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This article is part of the supplement: 30th International Symposium on Intensive Care and Emergency Medicine

Poster presentation

Impact of a systematic MEWS introduction on preoperative and postoperative evaluation in urgent/emergency surgery

N Maccarone1*, I Guerri1, M Franchi1, C Fricelli1, L Perretta2, G Zagli2, R Spina2, M Linden2, M Bonizzoli2 and A Peris2

  • * Corresponding author: N Maccarone

Author Affiliations

1 Postgraduate School of Anesthesia and Intensive Care, University of Florence, Italy

2 Careggi Teaching Hospital, Florence, Italy

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Critical Care 2010, 14(Suppl 1):P255  doi:10.1186/cc8487

The electronic version of this article is the complete one and can be found online at:

Published:1 March 2010

© 2010 BioMed Central Ltd.


The Modified Early Warning Score (MEWS) has been used in medical wards as a decision-making instrument. Here we show a pilot study on MEWS introduction as a routine method for care improvement in urgency/emergency surgical patients.


Patients enrolled underwent urgent/emergency surgery due to trauma, appendicitis, cholecystitis, gut perforation or ischemia. Data collection with MEWS involved patients admitted for between April and October 2009. It was measured during preoperative evaluation and within 24 hours after surgery. To evaluate the role of MEWS utilization we use as outcome criteria: hospital length of stay (LOS), mortality, ICU or subintensive care unit (SCU) need. The MEWS group was compared with a control historical group (January 2008 to March 2009).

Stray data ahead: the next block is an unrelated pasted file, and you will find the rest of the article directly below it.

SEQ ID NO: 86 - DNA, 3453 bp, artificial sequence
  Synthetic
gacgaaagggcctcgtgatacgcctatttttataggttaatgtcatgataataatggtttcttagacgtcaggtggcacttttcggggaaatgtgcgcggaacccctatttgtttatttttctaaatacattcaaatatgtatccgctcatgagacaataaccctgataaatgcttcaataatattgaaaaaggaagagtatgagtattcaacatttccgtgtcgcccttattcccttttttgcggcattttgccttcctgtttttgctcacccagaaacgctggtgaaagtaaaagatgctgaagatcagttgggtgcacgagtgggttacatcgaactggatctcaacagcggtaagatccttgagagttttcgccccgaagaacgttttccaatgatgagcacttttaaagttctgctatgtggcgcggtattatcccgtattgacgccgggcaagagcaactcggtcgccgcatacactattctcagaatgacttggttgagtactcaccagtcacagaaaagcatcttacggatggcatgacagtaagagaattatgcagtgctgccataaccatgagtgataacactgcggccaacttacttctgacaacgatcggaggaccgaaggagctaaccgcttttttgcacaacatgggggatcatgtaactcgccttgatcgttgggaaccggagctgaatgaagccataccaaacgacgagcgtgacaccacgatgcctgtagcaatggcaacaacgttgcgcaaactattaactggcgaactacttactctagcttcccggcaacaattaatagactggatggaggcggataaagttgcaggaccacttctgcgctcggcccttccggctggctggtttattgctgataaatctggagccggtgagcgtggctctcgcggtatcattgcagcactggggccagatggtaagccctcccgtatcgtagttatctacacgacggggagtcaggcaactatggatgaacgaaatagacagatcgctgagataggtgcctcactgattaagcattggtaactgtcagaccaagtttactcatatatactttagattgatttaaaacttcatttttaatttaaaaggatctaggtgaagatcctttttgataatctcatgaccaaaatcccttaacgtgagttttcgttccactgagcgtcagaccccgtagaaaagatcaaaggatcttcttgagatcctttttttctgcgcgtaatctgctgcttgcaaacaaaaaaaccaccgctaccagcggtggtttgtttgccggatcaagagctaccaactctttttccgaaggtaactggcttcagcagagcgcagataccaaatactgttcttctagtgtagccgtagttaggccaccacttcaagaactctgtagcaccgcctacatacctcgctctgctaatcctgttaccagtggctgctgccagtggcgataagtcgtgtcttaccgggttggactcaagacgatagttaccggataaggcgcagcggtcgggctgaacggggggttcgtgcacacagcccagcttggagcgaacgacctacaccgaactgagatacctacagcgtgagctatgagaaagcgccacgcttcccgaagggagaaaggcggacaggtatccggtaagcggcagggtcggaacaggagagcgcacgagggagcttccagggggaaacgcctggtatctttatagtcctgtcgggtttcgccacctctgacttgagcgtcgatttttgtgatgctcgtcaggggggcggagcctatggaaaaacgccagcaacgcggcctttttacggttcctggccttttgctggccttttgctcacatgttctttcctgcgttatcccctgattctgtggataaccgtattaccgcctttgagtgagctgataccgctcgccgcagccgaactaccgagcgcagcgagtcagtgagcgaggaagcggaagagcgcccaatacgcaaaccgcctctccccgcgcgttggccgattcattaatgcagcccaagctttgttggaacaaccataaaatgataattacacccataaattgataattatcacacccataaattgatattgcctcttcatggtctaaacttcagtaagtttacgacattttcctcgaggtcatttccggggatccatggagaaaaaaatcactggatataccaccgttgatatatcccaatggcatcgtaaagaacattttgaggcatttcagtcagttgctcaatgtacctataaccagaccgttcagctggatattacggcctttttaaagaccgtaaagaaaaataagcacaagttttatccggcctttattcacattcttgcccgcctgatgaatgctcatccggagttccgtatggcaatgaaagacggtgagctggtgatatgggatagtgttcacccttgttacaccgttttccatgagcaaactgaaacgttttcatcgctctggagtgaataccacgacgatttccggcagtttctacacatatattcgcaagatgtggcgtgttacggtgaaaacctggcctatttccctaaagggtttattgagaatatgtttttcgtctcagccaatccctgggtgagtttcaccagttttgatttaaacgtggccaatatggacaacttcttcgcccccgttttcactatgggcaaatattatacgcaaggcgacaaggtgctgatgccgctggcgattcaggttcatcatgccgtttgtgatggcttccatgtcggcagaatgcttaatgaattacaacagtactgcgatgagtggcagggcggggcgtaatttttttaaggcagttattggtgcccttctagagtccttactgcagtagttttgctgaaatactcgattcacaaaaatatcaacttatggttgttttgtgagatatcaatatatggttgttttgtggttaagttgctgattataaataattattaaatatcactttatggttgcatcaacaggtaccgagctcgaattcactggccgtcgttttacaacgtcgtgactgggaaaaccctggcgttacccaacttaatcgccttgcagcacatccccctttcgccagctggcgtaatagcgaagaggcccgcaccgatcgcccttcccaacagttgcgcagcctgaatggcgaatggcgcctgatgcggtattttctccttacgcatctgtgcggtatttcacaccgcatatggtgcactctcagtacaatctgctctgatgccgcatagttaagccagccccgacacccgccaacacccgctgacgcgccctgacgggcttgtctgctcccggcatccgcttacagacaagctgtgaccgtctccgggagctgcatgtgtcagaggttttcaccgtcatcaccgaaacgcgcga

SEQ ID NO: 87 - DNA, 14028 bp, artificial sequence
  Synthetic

Groups were similar in surgical diagnosis and demographic characteristics. Patients of the control group showed a higher mortality rate compared with the MEWS group (6.7 vs 3.7). The number of SCU admissions after surgery passed from 9.6% to 15.4% after MEWS introduction, whereas need for an ICU bed decreased from 12.9% to 10.6% (Table 1). Linear regression between high MEWS score and hospital LOS resulted significant (P < 0.001).


These preliminary results indicate that MEWS, used in preoperative evaluation and follow-up in urgent/emergency surgical patients, can have an important impact on patient care and mortality.


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